Conference abstract

Trends of dog bite, clinical human rabies and anti-rabies vaccination coverage in Imo State, Nigeria: 2005 - 2014

Pan African Medical Journal - Conference Proceedings. 2018:8(61).09 Apr 2018.
doi: 10.11604/pamj-cp.2018.8.61.643
Archived on: 09 Apr 2018
Contact the corresponding author
Keywords: Dog-bites, human-rabies, vaccination-coverage, rabies, dog-registration
Opening ceremony

Trends of dog bite, clinical human rabies and anti-rabies vaccination coverage in Imo State, Nigeria: 2005 - 2014

Gabriel Anosike Iroh1,&, Gabriel Ogundipe2, Ikeoluwa Ajayi3, Patrick Nguku1, Stephen Adebowale3

1Nigeria Field Epidemiology and Laboratory Training Program, Asokoro, Abuja, Nigeria, 2Department of Veterinary Public Health and Preventive Medicine, University of Ibadan, Nigeria, 3Department of Epidemiology and Medical Statistics, college of Medicine, University of Ibadan, Nigeria

&Corresponding author
Gabriel Anosike Iroh, Nigeria Field Epidemiology and Laboratory Training Programme, Asokoro, Abuja, Nigeria


Introduction: rabies is an acute viral encephalomyelitis which mainly affects carnivores and bats but can affect any mammal. It is endemic in Nigeria. However, epidemiological data needed for planning control strategies for this highly fatal but vaccine preventable zoonotic disease is scanty. We studied the trends of human-rabies, dog-bites and vaccination coverage in Imo State, Nigeria.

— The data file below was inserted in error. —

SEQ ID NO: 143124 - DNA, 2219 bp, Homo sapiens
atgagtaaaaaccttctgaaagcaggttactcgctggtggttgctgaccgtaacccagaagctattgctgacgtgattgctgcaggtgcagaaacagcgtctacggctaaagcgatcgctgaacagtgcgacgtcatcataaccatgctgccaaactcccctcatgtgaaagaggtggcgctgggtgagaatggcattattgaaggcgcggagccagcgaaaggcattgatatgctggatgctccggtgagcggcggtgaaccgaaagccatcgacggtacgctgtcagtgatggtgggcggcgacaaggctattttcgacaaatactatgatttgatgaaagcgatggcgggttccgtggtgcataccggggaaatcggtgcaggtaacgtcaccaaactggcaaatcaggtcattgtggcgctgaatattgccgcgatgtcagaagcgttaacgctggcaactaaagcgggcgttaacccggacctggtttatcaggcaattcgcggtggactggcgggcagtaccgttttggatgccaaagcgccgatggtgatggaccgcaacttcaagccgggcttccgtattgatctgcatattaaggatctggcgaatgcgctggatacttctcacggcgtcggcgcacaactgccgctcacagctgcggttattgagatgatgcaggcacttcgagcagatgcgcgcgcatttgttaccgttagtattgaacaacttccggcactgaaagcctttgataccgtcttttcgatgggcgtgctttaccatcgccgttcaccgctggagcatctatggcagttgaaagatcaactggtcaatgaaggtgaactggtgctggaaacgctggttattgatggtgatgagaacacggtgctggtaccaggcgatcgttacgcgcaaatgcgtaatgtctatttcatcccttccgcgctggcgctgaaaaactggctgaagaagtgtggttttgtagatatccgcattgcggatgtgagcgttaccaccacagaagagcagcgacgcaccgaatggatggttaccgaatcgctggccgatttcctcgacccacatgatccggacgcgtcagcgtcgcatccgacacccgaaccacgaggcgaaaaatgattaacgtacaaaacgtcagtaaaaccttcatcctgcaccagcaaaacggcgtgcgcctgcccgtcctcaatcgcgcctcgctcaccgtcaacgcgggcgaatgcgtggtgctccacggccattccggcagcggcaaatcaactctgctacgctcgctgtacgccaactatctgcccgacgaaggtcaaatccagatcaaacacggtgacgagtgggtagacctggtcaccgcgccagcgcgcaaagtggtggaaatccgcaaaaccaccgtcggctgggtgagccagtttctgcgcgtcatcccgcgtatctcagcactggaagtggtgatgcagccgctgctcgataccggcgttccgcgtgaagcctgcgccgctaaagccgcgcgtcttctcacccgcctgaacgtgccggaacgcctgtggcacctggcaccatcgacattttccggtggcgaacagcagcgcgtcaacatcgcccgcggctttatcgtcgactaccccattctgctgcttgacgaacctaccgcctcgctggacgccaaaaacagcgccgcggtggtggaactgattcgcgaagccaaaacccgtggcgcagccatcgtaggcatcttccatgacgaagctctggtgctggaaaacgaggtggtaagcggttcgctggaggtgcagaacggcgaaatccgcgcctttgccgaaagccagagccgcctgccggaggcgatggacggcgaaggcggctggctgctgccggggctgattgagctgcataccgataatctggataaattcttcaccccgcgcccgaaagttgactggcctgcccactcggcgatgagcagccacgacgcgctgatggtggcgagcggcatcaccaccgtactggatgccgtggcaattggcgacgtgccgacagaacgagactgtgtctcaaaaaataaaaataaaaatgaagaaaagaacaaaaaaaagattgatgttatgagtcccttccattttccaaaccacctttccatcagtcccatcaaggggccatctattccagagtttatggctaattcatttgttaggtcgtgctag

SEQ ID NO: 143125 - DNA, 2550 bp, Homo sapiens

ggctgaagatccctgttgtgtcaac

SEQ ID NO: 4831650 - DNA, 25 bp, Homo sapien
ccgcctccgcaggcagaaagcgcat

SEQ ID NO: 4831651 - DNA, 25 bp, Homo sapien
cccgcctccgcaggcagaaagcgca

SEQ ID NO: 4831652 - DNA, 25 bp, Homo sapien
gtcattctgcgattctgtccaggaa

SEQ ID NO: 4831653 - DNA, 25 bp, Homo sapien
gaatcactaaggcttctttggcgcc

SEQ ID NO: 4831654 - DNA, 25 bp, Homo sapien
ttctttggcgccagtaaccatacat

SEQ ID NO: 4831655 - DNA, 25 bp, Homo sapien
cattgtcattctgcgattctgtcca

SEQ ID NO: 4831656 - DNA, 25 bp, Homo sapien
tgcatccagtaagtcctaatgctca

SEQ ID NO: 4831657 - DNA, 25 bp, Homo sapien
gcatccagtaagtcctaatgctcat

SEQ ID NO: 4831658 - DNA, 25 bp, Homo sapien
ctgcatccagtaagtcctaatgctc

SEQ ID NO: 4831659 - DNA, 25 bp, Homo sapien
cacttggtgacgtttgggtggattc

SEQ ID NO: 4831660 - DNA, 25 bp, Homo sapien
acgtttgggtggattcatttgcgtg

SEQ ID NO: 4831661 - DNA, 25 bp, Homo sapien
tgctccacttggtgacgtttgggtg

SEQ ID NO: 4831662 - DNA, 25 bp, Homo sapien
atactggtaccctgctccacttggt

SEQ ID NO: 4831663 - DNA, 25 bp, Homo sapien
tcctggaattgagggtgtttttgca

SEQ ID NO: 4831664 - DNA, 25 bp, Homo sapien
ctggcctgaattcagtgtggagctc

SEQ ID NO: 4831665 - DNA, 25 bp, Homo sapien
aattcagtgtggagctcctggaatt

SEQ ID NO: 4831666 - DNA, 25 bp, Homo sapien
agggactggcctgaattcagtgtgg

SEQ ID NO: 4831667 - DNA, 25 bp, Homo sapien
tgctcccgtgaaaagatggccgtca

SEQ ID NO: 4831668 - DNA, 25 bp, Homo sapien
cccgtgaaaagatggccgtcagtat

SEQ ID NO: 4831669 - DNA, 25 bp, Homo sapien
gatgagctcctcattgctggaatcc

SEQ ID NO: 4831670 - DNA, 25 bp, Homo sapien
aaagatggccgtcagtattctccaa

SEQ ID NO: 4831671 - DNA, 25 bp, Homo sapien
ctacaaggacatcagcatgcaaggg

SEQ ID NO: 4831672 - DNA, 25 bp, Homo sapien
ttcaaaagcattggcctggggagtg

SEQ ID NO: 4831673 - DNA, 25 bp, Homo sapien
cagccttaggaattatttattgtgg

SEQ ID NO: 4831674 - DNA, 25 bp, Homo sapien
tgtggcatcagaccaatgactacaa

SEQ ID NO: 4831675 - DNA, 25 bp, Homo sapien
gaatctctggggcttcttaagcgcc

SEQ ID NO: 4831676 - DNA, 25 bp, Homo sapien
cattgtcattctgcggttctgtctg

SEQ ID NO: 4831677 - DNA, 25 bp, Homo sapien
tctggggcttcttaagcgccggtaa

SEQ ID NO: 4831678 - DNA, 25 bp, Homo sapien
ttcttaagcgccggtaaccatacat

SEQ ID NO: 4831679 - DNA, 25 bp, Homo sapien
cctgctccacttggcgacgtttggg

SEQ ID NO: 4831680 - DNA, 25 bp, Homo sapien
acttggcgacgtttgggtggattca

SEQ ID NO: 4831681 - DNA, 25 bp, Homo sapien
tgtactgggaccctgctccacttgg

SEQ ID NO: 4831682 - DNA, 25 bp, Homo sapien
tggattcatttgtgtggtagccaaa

Methods: a retrospective study reviewing 10-year records of nine public and one private Veterinary clinic with dog registration and anti-rabies vaccination records was carried out. To capture dog-bites and clinical cases of human rabies, records were extracted from all private and public hospitals in the state. Variables extracted include age and sex of vaccinated dogs, victims of dog bites and human rabies and rainfall. Data were analyzed using descriptive statistics.

Results: a total of 10, 264 dogs were registered and 5,595 (55.4%) were vaccinated. The dog annual vaccination coverage decreased over the 10-year period from 60.9% (2005) to 53.1% (2014) with more female dogs vaccinated (60% to 40%). A total of 436 cases of human dog-bites were reported (mean 44 bites per annum). There was increasing trend of dog-bite cases and cases were more in males (mean 54.4%) and children ≤ 20 years (51.2%). There was a weak positive correlation between number of dog bites and rainfall (r = 0.3; p < 0.05). There were 17 clinical human rabies cases; 12 (70.6%) were in males and those ≤ 20 years (94.1%) were most affected.

Conclusion: vaccination coverage of dogs is below the World Health Organization recommended coverage. The increasing trend of dog bites and high number of human rabies cases underscore the need for Imo State Government to organize enlightenment campaign to sensitize the public on the dangers posed by unvaccinated dogs and put in place mechanisms to encourage dog owners to vaccinate their dogs including subsidizing cost of vaccine.